Till 2013, staff at justice ministry, prosecutor’s office and a few other institutions were reckoned separately from personnel at courts and prisons. During that time, courts and prisons kept bleeding people while the ministry grew in numbers. In 2005, justice ministry and prosecutor’s office employed 686; by 2008 that rose to 761 and came down with the 691, to then swell to no less than 821 in 2013. Indeed, reading the ministries’ payrolls, one notes that the end-of-2008 and 2009 downturn brought along the steepest decline till 2010. While divisions have continued in austerity, the ministries have returned to or rather exceeded the pre-crisis bureaucrat levels.
By 2012, finance ministry staff increased by a hundred, from 320 to 421; meanwhile, tax and customs board laid off half a thousand. Again: the money counting ministry shrunk during the downturn – only to proudly outdo the former numbers afterwards.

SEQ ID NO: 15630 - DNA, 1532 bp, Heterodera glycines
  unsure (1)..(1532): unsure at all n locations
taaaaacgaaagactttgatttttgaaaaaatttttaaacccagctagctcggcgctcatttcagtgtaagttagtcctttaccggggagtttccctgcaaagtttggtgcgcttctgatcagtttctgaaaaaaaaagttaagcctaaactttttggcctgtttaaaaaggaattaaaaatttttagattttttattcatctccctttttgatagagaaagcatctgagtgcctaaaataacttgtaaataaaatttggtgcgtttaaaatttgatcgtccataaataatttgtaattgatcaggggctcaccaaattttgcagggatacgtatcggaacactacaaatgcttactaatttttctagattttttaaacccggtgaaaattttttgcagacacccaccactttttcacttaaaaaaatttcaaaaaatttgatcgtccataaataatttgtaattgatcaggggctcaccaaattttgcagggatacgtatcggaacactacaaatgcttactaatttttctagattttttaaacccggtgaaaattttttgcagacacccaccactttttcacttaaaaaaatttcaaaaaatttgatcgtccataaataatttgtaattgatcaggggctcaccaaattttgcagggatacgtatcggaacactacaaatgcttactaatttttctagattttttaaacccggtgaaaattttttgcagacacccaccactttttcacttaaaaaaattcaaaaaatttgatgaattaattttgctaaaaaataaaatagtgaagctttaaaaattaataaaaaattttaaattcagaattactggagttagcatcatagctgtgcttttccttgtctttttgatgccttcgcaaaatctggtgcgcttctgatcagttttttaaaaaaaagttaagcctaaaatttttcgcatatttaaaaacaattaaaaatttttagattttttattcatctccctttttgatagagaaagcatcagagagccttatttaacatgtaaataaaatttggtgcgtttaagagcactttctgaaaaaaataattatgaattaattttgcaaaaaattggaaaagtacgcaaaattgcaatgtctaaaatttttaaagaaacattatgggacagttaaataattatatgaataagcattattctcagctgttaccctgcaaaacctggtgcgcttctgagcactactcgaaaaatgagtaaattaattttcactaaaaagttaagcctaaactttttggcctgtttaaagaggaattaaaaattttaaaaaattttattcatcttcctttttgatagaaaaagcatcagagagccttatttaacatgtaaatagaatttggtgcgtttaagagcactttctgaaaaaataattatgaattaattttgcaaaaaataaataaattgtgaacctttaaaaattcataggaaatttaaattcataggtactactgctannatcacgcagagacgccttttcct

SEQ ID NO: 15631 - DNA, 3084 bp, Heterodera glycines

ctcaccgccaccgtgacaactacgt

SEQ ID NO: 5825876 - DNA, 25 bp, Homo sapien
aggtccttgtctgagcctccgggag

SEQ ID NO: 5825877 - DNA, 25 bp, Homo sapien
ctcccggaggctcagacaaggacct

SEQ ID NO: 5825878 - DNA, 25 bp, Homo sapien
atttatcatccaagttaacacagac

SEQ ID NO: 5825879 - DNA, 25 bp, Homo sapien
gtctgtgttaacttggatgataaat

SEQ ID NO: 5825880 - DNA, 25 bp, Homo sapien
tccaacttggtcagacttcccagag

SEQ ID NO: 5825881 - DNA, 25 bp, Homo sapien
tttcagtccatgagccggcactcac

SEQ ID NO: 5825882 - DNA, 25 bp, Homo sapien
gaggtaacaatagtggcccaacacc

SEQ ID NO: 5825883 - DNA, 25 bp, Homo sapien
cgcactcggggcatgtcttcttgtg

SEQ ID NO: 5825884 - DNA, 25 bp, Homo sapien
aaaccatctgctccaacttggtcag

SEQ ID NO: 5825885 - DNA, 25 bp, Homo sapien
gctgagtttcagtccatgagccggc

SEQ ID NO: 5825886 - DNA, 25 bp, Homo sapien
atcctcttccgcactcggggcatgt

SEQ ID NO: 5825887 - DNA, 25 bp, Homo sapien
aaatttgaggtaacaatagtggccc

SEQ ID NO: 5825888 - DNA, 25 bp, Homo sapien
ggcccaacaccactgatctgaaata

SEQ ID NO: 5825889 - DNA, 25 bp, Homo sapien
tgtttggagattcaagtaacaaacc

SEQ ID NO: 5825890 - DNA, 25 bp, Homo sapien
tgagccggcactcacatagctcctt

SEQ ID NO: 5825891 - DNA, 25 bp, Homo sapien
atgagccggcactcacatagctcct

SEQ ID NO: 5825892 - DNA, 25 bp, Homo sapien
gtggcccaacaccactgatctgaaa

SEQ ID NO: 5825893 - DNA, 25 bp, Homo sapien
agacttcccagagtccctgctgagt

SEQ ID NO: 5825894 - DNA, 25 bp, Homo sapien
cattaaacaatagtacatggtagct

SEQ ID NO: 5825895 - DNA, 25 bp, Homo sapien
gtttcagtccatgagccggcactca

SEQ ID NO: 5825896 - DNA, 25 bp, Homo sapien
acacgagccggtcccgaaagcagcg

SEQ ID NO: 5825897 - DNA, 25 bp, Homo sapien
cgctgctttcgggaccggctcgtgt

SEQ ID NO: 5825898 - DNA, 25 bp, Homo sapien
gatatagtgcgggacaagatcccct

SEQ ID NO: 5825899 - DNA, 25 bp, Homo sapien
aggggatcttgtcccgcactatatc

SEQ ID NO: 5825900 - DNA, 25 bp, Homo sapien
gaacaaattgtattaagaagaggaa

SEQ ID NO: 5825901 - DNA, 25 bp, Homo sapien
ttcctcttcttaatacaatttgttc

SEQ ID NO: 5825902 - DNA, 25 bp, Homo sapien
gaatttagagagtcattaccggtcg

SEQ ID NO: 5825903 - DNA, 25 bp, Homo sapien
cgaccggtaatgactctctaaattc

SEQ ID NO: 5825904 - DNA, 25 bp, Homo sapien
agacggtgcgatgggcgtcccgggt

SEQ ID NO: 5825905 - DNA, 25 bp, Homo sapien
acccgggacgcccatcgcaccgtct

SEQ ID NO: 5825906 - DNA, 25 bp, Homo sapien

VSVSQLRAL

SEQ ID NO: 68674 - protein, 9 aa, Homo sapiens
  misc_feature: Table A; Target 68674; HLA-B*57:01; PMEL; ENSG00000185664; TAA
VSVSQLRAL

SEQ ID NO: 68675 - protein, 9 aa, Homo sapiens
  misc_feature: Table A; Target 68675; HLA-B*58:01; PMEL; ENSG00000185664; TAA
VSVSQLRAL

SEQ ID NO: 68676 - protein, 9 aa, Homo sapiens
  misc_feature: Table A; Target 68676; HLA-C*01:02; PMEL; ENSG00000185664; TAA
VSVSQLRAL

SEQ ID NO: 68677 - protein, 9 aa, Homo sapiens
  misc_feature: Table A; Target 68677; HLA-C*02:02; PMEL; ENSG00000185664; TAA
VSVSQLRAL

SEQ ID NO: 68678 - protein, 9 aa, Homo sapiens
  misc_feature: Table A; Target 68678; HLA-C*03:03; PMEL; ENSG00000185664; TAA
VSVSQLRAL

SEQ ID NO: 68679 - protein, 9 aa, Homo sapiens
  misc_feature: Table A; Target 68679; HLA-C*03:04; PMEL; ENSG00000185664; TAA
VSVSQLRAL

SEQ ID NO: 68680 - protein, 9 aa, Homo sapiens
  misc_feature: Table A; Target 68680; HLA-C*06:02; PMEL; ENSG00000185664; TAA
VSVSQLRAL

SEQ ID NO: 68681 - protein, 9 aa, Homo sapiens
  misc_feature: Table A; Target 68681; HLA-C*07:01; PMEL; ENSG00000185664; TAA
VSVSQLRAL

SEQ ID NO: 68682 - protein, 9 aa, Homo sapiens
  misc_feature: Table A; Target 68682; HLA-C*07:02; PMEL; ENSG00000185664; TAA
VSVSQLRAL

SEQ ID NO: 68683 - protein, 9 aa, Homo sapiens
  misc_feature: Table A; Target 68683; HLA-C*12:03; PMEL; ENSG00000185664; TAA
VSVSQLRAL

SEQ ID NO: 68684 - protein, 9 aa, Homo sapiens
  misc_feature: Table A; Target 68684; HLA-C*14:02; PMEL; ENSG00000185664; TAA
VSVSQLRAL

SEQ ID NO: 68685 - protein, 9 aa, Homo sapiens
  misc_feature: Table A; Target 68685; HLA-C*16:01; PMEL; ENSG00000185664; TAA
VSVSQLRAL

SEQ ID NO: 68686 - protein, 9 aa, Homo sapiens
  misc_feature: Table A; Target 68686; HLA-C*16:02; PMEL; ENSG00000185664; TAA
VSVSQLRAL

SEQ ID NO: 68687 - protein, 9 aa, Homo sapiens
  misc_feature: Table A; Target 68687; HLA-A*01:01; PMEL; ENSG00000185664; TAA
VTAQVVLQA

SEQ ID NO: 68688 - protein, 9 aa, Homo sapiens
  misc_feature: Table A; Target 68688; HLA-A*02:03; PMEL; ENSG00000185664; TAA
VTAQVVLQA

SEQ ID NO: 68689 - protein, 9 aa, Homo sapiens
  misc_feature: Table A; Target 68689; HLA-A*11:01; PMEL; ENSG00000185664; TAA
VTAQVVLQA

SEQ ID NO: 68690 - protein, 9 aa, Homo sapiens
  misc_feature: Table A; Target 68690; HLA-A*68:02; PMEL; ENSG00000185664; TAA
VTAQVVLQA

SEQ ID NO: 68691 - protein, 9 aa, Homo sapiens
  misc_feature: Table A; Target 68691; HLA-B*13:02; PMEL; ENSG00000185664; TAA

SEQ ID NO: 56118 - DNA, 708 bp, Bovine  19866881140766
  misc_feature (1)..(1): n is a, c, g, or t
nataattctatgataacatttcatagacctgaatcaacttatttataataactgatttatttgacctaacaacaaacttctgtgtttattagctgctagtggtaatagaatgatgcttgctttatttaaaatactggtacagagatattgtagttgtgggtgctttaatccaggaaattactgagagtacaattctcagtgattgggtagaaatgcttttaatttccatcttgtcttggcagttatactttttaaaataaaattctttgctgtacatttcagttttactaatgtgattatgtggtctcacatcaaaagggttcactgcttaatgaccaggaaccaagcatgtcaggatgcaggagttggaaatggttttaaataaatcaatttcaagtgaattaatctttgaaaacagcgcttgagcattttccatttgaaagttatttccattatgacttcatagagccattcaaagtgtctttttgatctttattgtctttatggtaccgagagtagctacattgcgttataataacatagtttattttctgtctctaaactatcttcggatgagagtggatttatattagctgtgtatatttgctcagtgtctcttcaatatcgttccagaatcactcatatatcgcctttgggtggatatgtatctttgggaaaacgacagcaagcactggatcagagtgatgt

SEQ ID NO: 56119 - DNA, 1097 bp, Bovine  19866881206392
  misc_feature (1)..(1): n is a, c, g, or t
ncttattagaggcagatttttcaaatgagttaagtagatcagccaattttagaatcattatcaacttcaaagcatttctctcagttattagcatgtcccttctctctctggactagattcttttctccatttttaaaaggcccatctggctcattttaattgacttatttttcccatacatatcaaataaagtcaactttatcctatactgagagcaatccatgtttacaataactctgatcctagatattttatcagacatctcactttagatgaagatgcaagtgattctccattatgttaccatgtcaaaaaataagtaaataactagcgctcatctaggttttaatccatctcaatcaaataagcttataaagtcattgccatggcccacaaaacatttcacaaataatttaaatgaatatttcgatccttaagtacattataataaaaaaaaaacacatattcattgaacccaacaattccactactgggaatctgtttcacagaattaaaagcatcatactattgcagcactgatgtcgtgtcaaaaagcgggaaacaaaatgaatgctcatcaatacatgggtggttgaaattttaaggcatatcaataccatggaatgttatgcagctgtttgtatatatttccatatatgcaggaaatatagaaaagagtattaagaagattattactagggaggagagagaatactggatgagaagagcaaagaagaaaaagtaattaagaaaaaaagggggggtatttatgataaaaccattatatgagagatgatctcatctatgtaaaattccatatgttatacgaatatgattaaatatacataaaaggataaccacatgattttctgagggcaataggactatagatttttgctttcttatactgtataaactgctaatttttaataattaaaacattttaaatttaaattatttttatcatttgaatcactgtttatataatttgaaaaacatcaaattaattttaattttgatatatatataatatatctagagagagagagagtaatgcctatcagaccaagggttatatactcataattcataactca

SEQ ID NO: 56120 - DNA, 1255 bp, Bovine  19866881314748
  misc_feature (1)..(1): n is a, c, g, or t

President and Riigikogu thinner
An exception is discovered at defence ministry where the staff is basically at 2005 level while Defence Forces are up from 3,400 to 3,900. The Defence League payroll, however, has multiplied from 370 to close to 1,100. At least partially, this is explained by the increased security threat and the larger national defence budget.
Economy and communication ministry has tightened belt impressively as well: of 1,865, only 1,345 remain. Meanwhile, Enterprise Estonia (EAS) has ballooned from 177 employees in 2005 to 284. True: in 2004, Estonia entered European Union and EAS is busy distributing the latter’s support.
Agriculture ministry got smaller in size also. Of other institutions of central power, Government Office has been tightened by more than twice, and Riigikogu support staff is also smaller, as well as Office of the President.